The Kalabagh Iron Ore deposits are said to be about 350 million tons while the total iron ore deposits are about 1,427.17m tonnes, which some analysts say aren’t that much by global standards; former DG of Punjab Board of Investment said that they are enough for what Australian mining giant BHP-Billiton would typically produce in two years. However, the Chinese have taken keen interests and PM Nawaz Sharif said in February this year that iron ore deposits along with coal, gold, silver, copper, will end the “begging bowl” culture in Pakistan. Further adding that Pakistan can soon be self-sufficient in natural deposits and wouldn’t need to ask from abroad.

You can go on to read Business Recorder’s full report on that matter here because we’re no experts in iron ore, but Pakistanis seem to be the most non-patriotic, patriotic people in the world: we only give power and belief to symbolic things while our actions have hurt Pakistan in every way there is possible.

Today, VW, Nissan and many more are highly interested in setting up a manufacturing base in Pakistan. Most will only assemble in Pakistan (as even Mehran is only about 70% localized) and we’ll be importing completely break-down car kits from abroad and putting them together like really bright children good with Legos and with a university degree. This is the perfect time to let them go at the reserves to produce car grade steel for not just local consumption, but for export as well and in the process, influence the price of cars as well and the overall state of our automotive and steel industry and economy.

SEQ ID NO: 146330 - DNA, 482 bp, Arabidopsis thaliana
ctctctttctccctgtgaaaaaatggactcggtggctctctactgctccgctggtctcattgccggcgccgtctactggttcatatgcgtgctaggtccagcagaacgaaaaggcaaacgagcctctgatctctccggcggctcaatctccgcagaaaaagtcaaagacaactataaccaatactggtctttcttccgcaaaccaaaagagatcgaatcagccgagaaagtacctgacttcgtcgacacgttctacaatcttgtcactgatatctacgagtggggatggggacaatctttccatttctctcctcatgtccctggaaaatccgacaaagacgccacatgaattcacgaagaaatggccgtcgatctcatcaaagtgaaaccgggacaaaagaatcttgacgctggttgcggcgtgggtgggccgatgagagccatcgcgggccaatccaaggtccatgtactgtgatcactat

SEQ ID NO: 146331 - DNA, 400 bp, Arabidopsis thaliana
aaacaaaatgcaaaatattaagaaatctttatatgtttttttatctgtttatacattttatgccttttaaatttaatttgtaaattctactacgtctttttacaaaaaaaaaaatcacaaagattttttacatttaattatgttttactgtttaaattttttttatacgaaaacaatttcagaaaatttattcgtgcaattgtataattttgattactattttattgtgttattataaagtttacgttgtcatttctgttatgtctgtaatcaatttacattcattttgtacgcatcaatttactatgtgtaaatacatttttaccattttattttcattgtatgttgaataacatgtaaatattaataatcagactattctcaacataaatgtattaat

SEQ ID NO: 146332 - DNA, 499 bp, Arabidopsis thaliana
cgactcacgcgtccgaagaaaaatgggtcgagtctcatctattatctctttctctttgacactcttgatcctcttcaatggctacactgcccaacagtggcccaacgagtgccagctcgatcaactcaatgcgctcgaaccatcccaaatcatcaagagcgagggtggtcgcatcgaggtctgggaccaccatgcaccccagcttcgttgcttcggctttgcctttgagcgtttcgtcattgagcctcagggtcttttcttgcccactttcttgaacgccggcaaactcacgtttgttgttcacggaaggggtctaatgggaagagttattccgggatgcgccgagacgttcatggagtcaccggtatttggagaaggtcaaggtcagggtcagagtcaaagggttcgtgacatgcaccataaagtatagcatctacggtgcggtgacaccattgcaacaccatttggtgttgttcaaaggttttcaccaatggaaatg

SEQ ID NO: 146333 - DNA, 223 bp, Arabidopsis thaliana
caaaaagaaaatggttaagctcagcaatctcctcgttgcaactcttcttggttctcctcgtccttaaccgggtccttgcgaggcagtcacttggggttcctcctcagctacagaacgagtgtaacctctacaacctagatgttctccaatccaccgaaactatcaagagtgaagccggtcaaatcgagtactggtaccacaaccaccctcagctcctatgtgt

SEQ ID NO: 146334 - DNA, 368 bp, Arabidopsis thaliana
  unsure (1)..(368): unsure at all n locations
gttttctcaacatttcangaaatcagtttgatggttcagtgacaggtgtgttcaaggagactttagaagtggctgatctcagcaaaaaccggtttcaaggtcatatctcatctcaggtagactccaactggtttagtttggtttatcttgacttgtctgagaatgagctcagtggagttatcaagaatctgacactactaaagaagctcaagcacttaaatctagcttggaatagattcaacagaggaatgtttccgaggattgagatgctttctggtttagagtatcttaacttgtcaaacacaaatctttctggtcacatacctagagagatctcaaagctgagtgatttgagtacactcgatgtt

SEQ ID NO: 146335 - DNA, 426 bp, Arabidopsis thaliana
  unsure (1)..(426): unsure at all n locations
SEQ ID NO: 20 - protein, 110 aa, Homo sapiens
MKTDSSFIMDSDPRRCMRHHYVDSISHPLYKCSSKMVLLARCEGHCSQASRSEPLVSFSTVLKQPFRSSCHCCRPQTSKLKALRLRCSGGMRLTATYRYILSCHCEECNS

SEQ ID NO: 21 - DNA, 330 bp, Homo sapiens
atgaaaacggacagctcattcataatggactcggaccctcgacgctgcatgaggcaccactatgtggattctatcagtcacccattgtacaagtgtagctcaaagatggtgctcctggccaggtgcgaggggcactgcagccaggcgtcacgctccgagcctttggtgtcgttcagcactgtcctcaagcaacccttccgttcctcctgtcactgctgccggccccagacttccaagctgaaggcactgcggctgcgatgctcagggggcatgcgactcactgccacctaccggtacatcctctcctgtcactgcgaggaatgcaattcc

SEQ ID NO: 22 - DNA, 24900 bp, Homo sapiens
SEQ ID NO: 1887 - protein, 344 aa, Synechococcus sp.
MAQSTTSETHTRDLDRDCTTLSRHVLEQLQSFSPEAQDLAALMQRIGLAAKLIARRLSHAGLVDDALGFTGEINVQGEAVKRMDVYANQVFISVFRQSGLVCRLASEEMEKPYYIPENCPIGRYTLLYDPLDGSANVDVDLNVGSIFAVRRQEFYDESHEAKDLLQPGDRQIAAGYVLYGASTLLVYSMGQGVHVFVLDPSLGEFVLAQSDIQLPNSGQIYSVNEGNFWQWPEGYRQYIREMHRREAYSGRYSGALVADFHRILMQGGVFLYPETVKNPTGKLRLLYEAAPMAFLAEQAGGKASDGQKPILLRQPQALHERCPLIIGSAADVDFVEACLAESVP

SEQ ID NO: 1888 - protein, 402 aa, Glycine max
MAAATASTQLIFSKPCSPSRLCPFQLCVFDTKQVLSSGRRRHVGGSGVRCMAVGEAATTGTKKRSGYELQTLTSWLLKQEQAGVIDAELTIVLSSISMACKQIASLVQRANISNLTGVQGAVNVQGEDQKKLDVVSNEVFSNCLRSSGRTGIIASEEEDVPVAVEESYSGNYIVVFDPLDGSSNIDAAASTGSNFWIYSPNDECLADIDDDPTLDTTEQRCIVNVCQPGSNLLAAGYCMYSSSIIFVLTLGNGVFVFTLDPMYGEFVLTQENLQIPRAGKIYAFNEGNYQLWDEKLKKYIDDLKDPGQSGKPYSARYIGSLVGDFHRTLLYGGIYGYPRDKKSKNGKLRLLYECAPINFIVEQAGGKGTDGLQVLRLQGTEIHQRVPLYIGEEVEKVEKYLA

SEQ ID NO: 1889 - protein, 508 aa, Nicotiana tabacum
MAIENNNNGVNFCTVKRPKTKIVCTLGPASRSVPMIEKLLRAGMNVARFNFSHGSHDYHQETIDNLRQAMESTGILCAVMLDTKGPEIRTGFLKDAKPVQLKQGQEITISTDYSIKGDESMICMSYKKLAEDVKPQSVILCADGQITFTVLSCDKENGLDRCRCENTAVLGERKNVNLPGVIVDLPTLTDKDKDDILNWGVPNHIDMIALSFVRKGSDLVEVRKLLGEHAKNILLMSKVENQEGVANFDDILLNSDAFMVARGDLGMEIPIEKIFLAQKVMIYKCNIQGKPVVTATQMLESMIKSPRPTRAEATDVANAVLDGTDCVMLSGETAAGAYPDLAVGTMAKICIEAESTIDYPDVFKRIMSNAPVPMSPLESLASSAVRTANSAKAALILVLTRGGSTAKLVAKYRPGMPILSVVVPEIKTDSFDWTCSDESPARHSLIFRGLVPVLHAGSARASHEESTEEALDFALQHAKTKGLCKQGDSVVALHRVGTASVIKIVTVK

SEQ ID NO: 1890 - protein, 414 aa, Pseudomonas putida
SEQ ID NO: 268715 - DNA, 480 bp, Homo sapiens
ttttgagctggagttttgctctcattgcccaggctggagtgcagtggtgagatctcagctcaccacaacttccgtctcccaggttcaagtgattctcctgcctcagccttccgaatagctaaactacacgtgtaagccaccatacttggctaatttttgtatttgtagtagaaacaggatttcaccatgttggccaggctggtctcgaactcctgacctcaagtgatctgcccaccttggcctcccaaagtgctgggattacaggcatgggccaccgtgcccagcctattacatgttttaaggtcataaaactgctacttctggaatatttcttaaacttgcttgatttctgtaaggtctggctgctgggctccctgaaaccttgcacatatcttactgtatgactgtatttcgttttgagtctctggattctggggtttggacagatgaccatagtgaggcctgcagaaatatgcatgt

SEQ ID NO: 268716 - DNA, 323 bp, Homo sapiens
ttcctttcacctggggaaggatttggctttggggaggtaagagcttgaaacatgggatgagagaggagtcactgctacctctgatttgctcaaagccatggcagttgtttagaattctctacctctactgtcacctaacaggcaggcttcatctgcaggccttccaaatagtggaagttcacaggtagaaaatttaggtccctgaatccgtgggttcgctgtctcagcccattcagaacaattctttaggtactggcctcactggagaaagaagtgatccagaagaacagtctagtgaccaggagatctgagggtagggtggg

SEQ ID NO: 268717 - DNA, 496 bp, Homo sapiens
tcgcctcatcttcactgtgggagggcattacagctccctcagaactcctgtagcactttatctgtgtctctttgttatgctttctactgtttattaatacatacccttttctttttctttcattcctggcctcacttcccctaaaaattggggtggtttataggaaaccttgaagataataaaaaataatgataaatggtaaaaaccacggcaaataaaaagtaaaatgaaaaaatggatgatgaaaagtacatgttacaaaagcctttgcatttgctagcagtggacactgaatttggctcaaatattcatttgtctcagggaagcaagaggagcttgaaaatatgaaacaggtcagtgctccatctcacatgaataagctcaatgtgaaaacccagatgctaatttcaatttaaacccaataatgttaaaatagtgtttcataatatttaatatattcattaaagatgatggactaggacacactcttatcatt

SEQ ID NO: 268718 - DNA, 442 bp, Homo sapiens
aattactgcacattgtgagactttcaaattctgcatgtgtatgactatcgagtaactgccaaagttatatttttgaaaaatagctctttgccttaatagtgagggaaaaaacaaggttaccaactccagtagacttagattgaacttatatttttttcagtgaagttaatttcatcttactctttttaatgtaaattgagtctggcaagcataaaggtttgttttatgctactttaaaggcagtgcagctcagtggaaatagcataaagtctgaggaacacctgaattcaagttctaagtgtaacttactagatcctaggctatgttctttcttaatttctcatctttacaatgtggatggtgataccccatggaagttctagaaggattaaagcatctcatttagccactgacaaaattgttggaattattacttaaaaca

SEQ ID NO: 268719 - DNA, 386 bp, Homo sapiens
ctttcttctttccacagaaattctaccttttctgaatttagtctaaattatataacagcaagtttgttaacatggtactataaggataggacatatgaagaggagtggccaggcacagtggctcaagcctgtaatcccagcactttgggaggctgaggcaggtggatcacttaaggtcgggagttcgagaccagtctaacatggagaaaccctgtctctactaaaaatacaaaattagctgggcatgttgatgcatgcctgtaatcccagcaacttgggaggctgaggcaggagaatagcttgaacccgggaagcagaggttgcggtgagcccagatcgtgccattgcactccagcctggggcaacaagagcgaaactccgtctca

Baber K. Khan

An auto enthusiast trying to bring car media mainstream.

  • Atif

    Hello Baber,

    I have read your articles and they are very interesting.

    The Pakistani government has a poor automotive policy which favors existing assemblers, restricts new assemblers and does not modernize the local industry. The upcoming Automotive Development Policy has been pending since 2012 and the government is sleeping. Situation in Pakistan is very depressing. The government praises the inferior industry for producing “modern vehicles” which is absolutely not true.

    Pakistani government does not enforce any quality or safety standard. And has failed to even implement mid 1990s Euro II standard in 2015. Localization levels have been failed and local industry is assembling globally obsolete vehicles from late 1970s and 1980s. Mehran, Bolan, Ravi,Cultus are nothing but a joke. Even swift is globally obsolete since 2010.